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The Hacker Crackdown, law and disorder on the elec

The Futurians didn't have bulletin board systems


I'd

known Steve Jackson for many years. We knew one another as colleagues, for we frequented the same local science-fiction conventions. I'd played Jackson games, and recognized his cleverness; but he certainly had never struck me as a potential mastermind of computer crime.

I also knew a little about computer bulletin-board systems. In the mid-1980s I had taken an active role in an Austin board called "SMOF-BBS," one of the first boards dedicated to science fiction. I had a modem, and on occasion I'd logged on to Illuminati, which always looked entertainly wacky, but certainly harmless enough.

At the time of the Jackson seizure, I had no experience whatsoever with underground boards. But I knew that no one on Illuminati talked about breaking into systems illegally, or about robbing phone companies. Illuminati didn't even offer pirated computer games. Steve Jackson, like many creative artists, was markedly touchy about theft of intellectual property.

It seemed to me that Jackson was either seriously suspected of some crime--in which case, he would be charged soon, and would have his day in court--or else he was innocent, in which case the Secret Service would quickly return his equipment, and everyone would have a good laugh. I rather expected the good laugh. The situation was not without its comic side. The raid, known as the "Cyberpunk Bust" in the science fiction community,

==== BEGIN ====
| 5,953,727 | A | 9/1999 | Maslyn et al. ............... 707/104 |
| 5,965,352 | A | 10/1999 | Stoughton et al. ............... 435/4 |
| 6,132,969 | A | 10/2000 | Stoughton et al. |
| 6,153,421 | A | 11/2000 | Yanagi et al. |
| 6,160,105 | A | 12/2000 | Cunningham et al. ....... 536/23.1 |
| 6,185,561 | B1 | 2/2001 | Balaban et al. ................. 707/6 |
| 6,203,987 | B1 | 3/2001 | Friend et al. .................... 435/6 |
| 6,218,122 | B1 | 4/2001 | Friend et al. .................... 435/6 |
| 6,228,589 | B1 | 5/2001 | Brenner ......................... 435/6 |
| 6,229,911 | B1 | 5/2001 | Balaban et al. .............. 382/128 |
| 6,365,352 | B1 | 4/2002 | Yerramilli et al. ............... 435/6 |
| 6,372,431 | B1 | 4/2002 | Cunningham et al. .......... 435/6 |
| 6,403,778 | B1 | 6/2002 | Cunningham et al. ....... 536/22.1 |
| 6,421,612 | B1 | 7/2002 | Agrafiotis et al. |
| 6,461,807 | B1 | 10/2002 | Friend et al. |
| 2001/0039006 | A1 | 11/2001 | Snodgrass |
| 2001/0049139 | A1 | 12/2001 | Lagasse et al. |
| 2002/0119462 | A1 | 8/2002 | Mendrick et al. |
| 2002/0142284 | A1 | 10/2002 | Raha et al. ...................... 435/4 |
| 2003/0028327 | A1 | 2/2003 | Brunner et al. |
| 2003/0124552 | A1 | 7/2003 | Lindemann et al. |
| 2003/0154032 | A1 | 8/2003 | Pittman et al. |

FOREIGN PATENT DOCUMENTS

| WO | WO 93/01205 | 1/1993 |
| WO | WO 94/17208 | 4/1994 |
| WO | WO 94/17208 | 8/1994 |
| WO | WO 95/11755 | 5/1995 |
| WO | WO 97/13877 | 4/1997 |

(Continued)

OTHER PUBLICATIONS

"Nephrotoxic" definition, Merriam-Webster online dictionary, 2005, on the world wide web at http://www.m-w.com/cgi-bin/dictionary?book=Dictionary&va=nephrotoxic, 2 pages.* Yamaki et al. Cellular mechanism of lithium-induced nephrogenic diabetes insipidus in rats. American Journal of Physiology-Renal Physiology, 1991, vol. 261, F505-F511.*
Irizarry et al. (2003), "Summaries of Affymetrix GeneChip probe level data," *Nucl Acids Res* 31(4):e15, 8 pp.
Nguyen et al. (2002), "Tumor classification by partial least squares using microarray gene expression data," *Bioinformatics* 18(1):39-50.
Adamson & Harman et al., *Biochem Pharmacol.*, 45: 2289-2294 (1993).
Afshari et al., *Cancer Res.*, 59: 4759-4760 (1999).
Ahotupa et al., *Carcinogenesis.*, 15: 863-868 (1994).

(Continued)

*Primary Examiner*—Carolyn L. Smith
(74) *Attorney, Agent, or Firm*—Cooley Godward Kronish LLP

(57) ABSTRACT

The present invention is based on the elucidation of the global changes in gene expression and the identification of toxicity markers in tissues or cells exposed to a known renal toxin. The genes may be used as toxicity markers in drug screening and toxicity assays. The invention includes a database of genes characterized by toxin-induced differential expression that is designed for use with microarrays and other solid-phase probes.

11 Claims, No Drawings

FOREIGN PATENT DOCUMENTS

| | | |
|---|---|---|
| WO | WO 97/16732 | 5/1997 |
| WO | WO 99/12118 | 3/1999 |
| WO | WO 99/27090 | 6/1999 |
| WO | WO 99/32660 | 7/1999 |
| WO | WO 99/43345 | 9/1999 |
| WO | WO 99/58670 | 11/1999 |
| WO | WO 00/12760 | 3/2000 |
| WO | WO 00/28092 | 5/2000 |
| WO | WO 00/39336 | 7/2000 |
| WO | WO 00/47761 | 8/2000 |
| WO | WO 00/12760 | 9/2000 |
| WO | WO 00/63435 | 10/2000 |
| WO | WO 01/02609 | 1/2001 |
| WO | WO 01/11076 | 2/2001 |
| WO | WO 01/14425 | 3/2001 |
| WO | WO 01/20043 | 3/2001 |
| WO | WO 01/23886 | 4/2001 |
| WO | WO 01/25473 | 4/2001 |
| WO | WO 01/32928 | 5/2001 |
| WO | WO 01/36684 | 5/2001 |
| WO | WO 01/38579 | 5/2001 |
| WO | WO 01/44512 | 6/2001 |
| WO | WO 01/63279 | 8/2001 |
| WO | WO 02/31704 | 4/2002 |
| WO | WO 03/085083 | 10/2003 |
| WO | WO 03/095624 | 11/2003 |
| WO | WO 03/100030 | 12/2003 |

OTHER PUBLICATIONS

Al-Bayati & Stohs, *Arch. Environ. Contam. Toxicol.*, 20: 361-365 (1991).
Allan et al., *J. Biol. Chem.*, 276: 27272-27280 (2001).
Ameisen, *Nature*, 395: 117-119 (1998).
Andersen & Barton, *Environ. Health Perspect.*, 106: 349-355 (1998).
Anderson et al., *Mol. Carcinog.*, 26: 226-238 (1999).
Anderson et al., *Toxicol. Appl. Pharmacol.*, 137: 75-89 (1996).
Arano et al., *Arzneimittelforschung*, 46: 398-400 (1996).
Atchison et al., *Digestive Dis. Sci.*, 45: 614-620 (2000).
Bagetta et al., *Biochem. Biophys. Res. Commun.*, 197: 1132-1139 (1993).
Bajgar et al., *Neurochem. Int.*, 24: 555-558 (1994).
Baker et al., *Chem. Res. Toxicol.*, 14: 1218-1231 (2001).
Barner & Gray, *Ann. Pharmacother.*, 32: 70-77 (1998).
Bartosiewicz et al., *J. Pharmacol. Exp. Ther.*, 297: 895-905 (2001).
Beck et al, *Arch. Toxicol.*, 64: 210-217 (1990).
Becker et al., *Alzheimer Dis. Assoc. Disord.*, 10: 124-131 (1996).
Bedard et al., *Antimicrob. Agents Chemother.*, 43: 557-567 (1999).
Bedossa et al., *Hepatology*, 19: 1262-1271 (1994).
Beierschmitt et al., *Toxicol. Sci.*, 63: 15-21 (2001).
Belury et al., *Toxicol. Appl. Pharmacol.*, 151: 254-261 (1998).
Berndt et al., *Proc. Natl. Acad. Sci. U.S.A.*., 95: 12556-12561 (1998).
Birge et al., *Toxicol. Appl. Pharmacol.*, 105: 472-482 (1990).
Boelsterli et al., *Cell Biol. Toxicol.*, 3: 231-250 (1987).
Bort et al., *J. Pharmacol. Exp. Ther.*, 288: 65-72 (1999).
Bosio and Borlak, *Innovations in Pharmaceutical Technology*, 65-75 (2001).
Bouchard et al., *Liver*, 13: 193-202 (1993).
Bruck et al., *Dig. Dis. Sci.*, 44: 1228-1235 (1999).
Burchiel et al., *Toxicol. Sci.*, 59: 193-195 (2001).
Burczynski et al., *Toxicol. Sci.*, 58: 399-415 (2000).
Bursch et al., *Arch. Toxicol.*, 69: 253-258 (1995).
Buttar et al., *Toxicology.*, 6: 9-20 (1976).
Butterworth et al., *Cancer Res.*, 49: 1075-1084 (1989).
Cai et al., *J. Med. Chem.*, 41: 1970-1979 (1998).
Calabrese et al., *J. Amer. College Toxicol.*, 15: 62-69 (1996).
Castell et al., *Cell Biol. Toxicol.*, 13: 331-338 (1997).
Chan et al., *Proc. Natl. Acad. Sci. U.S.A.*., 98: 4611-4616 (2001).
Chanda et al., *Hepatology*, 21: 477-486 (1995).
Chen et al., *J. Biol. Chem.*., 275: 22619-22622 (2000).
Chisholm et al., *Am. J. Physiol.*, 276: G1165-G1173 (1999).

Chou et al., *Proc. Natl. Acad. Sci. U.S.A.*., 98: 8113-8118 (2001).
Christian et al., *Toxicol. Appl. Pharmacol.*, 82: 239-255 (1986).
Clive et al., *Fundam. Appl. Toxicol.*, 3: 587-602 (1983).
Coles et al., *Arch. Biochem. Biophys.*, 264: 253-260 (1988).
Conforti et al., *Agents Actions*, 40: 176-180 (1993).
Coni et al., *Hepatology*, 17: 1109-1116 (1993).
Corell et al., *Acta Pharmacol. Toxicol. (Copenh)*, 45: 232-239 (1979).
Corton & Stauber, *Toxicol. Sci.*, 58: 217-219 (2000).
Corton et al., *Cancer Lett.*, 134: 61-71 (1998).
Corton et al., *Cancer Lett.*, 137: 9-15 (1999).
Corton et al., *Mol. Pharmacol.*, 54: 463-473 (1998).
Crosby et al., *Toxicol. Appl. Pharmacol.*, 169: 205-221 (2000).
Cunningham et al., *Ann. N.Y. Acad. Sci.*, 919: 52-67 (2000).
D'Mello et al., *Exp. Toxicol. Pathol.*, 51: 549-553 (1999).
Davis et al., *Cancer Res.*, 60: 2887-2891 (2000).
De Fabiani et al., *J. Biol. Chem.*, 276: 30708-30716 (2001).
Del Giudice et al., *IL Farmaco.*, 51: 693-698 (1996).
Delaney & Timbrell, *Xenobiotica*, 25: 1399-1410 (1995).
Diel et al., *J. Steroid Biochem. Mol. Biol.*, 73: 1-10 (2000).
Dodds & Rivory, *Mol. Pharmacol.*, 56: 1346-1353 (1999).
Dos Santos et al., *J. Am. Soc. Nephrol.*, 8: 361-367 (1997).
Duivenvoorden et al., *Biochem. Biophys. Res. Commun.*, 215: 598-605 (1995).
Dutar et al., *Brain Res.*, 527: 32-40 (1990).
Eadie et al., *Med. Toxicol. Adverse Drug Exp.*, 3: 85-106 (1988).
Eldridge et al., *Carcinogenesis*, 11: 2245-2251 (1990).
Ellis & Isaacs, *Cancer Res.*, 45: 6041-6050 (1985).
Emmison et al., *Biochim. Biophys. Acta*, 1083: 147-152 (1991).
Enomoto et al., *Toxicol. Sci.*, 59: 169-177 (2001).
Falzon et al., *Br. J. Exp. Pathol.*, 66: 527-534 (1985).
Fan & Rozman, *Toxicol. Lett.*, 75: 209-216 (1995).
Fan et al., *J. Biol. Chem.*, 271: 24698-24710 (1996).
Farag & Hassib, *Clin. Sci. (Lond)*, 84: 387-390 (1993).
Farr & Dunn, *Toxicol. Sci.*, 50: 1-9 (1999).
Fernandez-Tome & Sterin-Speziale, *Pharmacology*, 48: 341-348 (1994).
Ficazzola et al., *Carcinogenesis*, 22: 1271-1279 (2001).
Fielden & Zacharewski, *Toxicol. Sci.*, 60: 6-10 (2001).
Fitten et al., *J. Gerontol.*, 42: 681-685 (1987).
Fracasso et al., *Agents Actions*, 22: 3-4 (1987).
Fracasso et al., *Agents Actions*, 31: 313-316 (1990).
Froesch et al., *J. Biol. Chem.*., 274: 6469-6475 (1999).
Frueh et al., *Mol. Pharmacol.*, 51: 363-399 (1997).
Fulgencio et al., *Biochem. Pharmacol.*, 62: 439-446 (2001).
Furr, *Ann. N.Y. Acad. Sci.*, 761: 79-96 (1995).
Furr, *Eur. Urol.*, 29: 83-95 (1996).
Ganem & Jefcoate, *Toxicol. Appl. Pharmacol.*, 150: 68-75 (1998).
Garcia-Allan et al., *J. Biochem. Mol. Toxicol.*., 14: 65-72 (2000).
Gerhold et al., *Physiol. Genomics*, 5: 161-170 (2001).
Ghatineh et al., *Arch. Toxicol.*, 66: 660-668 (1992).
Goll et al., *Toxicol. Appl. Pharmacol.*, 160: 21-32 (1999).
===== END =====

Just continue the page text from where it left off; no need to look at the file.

was winning a great deal of free national publicity both for Jackson himself and the "cyberpunk" science fiction writers generally.

Besides, science fiction people are used to being misinterpreted. Science fiction is a colorful, disreputable, slipshod occupation, full of unlikely oddballs, which, of course, is why we like it. Weirdness can be an occupational hazard in our field. People who wear Halloween costumes are sometimes mistaken for monsters.

Once upon a time--back in 1939, in New York City--science fiction and the U.S. Secret Service collided in a comic case of mistaken identity. This weird incident involved a literary group quite famous in science fiction, known as "the Futurians," whose membership included such future genre greats as Isaac Asimov, Frederik Pohl, and Damon Knight. The Futurians were every bit as offbeat and wacky as any of their spiritual descendants, including the cyberpunks, and were given to communal living, spontaneous group renditions of light opera, and midnight fencing exhibitions on the lawn. The Futurians didn't have bulletin board systems, but they did have the technological equivalent in 1939--mimeographs and a private printing press. These were in steady use, producing a stream of science-fiction fan magazines, literary manifestos, and weird articles, which were picked up in ink-sticky bundles by a succession of strange, gangly, spotty young men in fedoras and overcoats.


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